Added on October 4, 2018 by Harry_Cline
As we age, it is inevitable that we will be unable to perform certain tasks, at least not as quickly and easily as we used to. Your joints might crack and groan when you get out of bed in the morning and you just can't move around as easily. Aging is to blame, but this is not to say that you can't get back a little of that flexibility and feel good doing it. Yoga isn't just for the young – it's for the young at heart, too.
Yoga does much more than improve your flexibility. For starters, it can boost your mood. Studies show that practicing yoga has a more positive effect on your mood than other types of exercise, most likely due to the mind/body connection. However, from a scientific standpoint, it increases the production of gamma-aminobutyric acid (GABA), a brain chemical responsible for regulating mood and feelings of anxiety. In other words, GABA is a mood-boosting antidepressant, so the more you have the better you feel.
Yoga has also been shown to improve balance
and mobility in seniors. According to Reuters, which analyzed the results of
six yoga trials, "Overall, yoga was linked to a small improvement in balance
and a medium improvement in mobility – such as walking speed and how easily a
person can get out of a chair." This improved balance and mobility can be linked
to a decreased occurrence of falls. Other benefits
of yoga include improved bone health, better sleep habits
and fewer aches and pains.
Before you give yoga a try, be sure to get the green light from your doctor. Then, start the search for a yoga class. There are likely studios nearby with programs to meet your needs and most will have beginner classes to help you get started. If you'd rather not practice yoga in a group setting, or would just like to be able to exercise from the comfort of home, take advantage of exercise videos and fitness apps that can walk you through a yoga session, in addition to other forms of exercise such as free weights, Pilates, Zumba or meditation. For more ideas on easy ways to exercise from home, click here. You can even set up a space in your home specifically for yoga and meditation. Make sure this room is as relaxing as possible, and keep it away from noisy areas of your home.
For yoga in particular, you might consider taking a class first so that you understand the moves and associated breathing, as well as prevent injury due to a lack of experience and knowledge. A teacher will also be able to show you how to modify poses to meet your abilities, as well as assist you in incorporating helpful props such as blocks, straps, chairs, and walls.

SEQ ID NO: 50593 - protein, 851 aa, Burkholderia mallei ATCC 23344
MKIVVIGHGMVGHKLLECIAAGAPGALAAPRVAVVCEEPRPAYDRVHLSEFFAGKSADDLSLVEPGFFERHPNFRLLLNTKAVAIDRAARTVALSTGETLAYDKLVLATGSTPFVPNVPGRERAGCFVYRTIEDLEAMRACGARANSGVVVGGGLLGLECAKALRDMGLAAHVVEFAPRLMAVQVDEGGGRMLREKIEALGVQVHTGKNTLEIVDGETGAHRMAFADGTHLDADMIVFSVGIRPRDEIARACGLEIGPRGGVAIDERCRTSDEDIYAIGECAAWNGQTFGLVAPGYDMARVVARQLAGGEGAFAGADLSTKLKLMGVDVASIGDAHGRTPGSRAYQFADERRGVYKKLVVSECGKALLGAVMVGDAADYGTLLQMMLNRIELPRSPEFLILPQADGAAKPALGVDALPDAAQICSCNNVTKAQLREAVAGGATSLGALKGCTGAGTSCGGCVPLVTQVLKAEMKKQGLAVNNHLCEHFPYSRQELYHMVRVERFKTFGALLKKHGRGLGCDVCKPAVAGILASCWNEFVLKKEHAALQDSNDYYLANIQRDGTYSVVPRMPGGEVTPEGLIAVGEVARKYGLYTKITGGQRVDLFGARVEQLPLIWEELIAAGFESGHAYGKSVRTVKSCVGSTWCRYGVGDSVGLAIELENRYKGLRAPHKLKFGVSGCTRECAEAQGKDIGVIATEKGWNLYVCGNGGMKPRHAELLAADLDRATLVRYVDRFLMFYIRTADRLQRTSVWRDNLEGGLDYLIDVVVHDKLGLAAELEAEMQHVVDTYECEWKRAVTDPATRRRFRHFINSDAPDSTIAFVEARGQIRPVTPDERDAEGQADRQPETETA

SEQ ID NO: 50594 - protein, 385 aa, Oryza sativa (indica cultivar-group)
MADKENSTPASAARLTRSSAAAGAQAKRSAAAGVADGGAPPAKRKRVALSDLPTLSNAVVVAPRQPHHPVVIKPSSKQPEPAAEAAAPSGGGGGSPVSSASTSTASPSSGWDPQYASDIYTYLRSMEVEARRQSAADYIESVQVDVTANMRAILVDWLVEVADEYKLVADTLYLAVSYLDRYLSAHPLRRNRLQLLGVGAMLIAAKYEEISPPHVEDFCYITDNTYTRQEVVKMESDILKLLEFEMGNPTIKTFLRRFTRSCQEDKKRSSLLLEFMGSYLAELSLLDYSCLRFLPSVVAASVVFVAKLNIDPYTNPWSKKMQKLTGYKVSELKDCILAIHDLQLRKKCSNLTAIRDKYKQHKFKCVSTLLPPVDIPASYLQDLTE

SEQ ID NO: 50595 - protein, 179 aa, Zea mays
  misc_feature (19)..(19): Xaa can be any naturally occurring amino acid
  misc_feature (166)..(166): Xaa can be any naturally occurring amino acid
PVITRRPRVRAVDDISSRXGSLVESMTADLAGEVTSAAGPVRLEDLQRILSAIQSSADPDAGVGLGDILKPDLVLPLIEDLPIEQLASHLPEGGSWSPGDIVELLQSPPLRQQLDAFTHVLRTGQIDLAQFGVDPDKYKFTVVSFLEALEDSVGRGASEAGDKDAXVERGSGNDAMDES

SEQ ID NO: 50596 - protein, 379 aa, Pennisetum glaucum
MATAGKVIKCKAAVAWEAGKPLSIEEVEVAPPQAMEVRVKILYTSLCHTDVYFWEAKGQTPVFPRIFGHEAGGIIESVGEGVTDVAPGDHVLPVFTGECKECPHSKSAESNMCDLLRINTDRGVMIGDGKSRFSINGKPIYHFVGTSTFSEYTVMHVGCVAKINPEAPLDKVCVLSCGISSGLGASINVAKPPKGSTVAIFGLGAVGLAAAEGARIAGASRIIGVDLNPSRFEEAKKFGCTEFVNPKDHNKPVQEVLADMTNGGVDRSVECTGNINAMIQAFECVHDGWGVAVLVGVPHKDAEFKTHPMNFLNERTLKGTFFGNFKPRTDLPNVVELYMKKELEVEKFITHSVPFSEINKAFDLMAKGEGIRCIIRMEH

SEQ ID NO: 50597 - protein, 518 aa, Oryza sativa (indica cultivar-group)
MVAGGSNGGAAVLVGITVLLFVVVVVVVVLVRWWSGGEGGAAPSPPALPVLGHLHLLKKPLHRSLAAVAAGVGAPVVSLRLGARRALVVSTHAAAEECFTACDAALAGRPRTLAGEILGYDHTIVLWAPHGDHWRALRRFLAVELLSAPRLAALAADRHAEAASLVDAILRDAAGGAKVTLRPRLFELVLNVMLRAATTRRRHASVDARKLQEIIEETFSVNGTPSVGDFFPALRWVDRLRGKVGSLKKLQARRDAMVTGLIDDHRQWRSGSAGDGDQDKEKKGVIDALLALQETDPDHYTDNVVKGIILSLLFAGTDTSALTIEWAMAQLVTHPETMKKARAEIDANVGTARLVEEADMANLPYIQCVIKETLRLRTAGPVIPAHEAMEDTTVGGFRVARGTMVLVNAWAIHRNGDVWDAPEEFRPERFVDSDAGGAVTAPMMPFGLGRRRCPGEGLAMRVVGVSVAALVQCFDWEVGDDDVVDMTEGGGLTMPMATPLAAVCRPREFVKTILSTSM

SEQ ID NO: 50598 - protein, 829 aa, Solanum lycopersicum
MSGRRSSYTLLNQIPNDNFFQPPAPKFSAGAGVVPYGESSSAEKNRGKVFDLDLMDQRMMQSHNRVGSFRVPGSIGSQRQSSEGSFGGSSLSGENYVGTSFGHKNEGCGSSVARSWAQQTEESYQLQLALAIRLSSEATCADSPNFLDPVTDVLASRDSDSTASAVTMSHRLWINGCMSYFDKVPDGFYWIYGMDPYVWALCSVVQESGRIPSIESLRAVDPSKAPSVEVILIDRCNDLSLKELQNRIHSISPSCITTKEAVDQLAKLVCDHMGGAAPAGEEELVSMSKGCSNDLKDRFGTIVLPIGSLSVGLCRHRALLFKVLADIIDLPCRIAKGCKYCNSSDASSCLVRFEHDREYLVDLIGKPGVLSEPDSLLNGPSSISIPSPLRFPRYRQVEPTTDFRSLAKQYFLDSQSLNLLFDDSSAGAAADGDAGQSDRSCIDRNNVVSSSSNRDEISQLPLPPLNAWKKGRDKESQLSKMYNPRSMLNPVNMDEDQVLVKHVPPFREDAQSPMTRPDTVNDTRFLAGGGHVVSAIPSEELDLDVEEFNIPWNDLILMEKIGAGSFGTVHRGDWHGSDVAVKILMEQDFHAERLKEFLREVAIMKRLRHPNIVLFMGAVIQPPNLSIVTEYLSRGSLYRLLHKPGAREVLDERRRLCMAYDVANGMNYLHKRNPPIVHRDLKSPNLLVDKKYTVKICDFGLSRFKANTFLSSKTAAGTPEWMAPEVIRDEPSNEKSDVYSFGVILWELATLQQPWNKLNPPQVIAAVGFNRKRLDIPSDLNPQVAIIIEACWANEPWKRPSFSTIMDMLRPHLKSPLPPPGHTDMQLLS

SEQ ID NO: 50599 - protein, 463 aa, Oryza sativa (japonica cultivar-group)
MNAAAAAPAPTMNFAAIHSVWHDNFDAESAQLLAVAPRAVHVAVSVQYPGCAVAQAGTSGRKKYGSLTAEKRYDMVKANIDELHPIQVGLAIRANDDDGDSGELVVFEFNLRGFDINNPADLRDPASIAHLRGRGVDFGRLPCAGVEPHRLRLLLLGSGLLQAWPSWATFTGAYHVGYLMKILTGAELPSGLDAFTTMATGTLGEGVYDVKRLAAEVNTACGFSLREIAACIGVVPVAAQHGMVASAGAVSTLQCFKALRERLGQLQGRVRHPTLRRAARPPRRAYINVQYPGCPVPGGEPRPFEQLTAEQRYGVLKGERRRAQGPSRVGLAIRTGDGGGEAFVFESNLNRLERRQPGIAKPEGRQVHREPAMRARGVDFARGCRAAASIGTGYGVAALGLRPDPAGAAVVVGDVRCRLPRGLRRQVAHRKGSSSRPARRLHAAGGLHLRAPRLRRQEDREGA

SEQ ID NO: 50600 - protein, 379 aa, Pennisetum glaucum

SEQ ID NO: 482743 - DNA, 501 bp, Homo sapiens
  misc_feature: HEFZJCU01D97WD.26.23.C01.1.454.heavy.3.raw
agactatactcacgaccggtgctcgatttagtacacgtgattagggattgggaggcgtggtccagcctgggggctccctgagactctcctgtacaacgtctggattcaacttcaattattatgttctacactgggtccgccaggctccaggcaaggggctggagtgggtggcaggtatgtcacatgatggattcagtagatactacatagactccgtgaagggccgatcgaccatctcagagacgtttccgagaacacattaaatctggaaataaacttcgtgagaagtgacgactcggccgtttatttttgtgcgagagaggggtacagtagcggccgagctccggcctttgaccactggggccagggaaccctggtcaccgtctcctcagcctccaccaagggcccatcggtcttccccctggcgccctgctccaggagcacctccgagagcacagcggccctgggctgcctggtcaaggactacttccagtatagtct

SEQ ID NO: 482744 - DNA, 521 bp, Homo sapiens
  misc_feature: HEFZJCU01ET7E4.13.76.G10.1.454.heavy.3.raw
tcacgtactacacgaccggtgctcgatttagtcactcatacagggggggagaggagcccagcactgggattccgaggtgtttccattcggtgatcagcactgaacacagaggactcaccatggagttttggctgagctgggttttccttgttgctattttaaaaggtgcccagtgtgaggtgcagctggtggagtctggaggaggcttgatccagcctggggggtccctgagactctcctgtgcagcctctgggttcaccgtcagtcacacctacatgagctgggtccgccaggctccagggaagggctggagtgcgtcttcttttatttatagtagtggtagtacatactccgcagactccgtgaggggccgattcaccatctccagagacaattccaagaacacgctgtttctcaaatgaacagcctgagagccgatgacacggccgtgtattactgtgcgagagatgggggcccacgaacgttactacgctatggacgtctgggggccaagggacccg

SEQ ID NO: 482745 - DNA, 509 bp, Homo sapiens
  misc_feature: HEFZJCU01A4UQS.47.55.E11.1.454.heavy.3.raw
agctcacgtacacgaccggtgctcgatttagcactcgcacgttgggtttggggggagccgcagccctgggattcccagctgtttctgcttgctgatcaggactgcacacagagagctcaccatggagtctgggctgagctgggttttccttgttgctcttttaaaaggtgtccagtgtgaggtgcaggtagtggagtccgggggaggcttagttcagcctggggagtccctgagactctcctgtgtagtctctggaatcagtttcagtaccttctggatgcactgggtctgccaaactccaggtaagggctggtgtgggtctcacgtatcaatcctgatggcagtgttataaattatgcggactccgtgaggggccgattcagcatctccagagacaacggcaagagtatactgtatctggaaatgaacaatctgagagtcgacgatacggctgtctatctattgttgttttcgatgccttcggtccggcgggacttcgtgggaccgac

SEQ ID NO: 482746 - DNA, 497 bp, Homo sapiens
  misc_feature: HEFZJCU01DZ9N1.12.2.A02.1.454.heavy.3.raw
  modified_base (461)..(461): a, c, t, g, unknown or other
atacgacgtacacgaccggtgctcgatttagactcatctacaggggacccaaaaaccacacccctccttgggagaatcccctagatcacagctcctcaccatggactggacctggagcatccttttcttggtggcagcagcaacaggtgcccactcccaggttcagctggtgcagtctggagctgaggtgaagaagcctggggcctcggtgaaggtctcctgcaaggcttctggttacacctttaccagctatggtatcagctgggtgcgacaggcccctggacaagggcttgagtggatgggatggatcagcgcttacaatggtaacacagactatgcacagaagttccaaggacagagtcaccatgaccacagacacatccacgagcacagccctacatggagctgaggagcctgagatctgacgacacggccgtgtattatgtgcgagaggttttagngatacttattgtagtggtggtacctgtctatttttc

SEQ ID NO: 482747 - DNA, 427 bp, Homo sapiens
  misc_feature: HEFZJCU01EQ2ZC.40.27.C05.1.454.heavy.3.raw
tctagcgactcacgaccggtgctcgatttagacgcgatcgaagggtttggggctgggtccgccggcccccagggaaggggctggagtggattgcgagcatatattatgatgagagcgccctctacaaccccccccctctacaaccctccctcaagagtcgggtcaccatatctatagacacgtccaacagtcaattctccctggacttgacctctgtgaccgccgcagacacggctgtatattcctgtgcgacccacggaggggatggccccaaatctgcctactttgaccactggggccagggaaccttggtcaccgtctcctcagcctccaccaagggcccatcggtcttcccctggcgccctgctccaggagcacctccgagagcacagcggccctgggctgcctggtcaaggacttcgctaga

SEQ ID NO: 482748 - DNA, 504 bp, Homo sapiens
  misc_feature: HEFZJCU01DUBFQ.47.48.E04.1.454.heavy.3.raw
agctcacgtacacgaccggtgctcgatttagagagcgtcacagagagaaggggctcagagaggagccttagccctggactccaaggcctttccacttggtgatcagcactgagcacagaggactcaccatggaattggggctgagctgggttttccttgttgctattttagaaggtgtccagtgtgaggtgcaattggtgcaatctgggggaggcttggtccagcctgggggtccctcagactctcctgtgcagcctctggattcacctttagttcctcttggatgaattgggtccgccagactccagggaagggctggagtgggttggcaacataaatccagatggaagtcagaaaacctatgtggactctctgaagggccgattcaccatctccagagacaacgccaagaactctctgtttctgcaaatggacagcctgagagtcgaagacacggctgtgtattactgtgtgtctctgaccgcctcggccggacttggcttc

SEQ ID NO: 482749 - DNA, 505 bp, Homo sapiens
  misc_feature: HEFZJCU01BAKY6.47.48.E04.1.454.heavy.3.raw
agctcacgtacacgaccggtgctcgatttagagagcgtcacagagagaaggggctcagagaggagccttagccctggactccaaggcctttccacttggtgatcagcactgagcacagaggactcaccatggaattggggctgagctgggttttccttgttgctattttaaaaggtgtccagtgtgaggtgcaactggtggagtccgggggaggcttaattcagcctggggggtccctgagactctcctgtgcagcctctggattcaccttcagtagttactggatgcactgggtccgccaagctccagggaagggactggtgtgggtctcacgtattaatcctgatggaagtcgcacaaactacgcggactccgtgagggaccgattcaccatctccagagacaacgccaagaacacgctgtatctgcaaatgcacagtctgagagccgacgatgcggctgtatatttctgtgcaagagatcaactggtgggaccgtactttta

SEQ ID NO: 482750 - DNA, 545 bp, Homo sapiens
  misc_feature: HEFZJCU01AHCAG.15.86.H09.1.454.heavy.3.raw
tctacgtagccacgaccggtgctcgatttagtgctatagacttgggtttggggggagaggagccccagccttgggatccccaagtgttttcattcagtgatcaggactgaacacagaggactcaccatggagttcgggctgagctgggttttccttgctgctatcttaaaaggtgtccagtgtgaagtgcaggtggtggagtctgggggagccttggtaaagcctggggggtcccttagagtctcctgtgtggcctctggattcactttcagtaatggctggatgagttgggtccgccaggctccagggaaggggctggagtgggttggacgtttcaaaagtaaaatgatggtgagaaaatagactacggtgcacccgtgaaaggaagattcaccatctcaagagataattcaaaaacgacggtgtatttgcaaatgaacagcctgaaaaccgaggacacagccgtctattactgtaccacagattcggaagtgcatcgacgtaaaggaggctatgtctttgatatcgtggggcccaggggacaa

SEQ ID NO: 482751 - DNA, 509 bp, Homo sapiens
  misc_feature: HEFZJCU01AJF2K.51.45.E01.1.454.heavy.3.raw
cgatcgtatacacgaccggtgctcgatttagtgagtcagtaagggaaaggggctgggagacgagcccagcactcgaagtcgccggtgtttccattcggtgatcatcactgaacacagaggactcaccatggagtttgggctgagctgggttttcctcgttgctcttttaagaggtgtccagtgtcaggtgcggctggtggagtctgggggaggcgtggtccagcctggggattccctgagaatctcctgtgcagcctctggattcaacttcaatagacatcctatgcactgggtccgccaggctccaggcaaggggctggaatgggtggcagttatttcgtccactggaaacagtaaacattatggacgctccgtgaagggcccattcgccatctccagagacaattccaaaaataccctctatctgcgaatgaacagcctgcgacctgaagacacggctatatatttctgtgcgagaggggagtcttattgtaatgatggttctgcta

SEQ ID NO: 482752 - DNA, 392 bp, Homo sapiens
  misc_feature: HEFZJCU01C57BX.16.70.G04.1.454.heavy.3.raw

Yoga isn't all about crazy poses and twisting yourself into a human pretzel. In fact, many types of yoga are actually very gentle. Look for gentle yoga classes such as hatha, restorative, or chair yoga. Hatha yoga is done at a slow pace, making it a great class for beginners to enable you to master the moves without feeling pressured to keep up.
Restorative yoga has slow movements with poses held for a longer period of time so that you can connect with your parasympathetic nervous system and enter a state of deep relaxation. Gentle yoga classes are focused on the movement of your body and breathing awareness, and may include meditation and guided imagery.
Once you take your first class, it will be beneficial for you to continue practicing at home to reap the benefits. Aim for two to three times a week, with a day in between to rest and recover. The key to sticking to it is that you are doing it because it makes you feel good, not because you have to. Find the time of day that works best for you, but understand it is okay to skip a day if you are feeling tired or achy. Yoga teaches you to listen to your body, and this includes knowing when to take a step back.
Yoga is an excellent activity for seniors to
try because it's low-impact. Plus, there are plenty of physical and mental
health benefits such as increased balance, flexibility and mood. Pick up a yoga
mat, head to your local yoga studio and get started.